to prep, prefix also de*, the EDD the 12, with day,
morn, night, &c 'this, to-' general, POOLE Glossary ... of Forth and
Bargy (1867), p. 118 t' year 'this year' Wxf, ADD the 5 'this; to-' for sense
1; EDD once 1 (13) to once w cty, Do, ADD to 4 to once for sense 2.
1 The present (time period); the coming (time period).
1888 HOWLEY MS Reminiscences 15 It is really too bad, we may
not get such good chances [to shoot game] again the season. [c1894] PANL P4/14, p. 200
To year is this year, used like today, tonight, tomorrow. 'I ain't had a cruise
to-year.' 1898 Christmas Bells 16 All he tells we is the Queen ain't sent out
enough money for the poor widdies to year, because she've had a poor voyage
too. 1907 DUNCAN 117 There wasn't ar another man landed by the mail-boat the day, was
they? P 229-67 We'll go in berry pickin' the mar. M 68-20 I don't spose there's e'er
store open the day, is there? P 245-76 We didn't have much snow the year an' I'm afraid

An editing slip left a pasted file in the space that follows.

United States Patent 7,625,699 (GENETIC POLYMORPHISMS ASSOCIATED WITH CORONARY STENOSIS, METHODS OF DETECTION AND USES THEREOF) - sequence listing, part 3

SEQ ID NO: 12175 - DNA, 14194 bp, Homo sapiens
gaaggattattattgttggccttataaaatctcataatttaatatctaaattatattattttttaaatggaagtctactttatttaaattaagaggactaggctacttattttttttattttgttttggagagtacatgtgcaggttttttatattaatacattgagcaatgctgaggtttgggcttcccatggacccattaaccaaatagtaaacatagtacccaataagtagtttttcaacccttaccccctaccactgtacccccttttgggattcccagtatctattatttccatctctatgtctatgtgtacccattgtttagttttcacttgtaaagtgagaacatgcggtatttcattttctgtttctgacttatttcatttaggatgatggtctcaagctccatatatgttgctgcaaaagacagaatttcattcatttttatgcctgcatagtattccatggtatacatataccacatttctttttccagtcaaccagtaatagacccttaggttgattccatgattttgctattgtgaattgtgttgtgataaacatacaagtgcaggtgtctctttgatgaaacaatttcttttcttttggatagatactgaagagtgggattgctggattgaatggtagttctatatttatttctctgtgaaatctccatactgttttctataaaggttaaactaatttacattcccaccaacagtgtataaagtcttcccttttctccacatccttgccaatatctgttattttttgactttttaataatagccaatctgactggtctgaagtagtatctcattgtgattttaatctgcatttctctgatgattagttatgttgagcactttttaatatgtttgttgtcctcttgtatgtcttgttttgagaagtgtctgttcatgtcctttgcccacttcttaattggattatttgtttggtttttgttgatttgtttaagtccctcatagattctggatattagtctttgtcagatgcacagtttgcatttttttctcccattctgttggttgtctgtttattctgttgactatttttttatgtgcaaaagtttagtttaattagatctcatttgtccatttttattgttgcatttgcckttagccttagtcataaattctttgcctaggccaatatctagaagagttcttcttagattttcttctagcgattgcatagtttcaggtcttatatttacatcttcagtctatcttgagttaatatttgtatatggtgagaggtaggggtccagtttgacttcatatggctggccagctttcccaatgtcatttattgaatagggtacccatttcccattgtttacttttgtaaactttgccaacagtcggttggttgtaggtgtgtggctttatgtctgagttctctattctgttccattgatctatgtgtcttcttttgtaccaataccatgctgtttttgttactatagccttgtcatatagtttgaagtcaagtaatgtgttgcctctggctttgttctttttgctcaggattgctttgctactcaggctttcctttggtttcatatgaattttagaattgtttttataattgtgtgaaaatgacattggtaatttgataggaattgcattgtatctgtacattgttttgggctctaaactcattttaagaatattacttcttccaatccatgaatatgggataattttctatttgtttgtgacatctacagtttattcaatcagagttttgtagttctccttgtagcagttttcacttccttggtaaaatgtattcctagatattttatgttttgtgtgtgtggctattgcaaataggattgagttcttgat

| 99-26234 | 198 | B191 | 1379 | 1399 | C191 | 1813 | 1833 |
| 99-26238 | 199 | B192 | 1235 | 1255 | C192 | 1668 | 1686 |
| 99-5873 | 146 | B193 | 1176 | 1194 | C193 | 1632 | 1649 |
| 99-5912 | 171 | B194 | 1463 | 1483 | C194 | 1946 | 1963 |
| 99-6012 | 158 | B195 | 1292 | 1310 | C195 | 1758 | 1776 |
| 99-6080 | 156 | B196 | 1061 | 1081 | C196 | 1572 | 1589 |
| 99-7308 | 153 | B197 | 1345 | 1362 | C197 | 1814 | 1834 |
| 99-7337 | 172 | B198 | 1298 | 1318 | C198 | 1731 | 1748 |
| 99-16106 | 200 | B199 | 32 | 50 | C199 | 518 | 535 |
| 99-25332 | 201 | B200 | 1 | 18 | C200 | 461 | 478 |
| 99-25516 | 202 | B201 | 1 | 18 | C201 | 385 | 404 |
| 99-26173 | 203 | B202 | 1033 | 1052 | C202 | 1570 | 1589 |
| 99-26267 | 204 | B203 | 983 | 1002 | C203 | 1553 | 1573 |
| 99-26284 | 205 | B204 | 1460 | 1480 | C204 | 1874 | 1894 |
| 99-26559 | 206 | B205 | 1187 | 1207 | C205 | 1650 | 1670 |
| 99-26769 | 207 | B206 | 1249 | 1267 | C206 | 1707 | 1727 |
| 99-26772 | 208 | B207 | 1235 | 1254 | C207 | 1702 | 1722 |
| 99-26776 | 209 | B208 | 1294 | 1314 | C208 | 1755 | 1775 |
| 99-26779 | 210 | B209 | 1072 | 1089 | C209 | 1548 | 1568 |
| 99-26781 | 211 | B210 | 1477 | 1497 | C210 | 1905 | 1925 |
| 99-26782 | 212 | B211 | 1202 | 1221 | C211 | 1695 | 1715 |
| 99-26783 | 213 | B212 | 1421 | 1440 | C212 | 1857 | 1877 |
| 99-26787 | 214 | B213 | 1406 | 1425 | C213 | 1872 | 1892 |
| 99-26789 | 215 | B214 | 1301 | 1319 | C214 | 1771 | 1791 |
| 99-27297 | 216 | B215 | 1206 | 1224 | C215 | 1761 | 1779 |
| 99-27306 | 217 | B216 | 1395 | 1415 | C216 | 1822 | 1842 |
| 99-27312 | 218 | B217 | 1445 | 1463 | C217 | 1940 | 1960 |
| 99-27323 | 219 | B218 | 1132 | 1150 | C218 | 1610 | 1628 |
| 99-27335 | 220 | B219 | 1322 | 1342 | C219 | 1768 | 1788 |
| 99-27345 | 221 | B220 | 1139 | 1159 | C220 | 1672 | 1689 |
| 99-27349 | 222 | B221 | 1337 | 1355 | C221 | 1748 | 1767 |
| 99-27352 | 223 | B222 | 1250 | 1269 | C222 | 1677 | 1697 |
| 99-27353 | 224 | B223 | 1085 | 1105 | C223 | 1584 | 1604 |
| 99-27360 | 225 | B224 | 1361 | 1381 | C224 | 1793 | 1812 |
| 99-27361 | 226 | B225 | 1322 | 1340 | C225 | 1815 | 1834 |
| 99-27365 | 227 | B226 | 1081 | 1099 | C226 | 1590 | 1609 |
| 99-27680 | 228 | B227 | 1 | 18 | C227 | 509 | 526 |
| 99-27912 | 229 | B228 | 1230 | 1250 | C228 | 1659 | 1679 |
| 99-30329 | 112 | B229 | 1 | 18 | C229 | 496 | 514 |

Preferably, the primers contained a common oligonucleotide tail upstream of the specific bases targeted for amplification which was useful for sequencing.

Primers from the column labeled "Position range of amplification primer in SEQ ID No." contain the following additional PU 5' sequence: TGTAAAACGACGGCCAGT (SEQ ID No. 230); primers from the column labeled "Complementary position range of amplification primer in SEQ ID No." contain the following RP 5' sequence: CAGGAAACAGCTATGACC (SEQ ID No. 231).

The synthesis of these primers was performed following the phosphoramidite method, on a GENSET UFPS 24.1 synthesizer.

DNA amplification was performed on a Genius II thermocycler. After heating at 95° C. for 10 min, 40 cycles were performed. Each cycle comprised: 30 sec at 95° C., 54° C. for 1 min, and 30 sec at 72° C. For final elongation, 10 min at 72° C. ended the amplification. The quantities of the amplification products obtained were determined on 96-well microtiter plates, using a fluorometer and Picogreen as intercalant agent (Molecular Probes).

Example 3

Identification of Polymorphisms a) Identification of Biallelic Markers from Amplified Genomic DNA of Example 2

we may have no rain the summer.
2 Phr the once, to ~
[da 'wons]: as soon as possible, right away; DIRECTLY; in a short while.
1861 Harper's xxii, 753 She let go her two anchors to onst.
1896 J A Folklore ix, 25 The use of to, as meaning this, as in
to-day ... is continued in ... to once for at once.  GRENFELL 123 So
I took it that the splint fitted, and was able to insist on Pat getting a nap 'to oncst.'
1937 DEVINE 51 The onceat once. T 80/2-64 And the once, see, I get sick. Smoking, I
suppose, and glutching the smoke. T 222-66 If we are going to do something almost
immediately we would say we are going to do it de once. T 309-66 He started off next
morn. Got to this pond. Stowed away and looked away to the mountain top. The once he seen
this little cloud, you know, risin'. P 17-69 The rackly means 'the once.'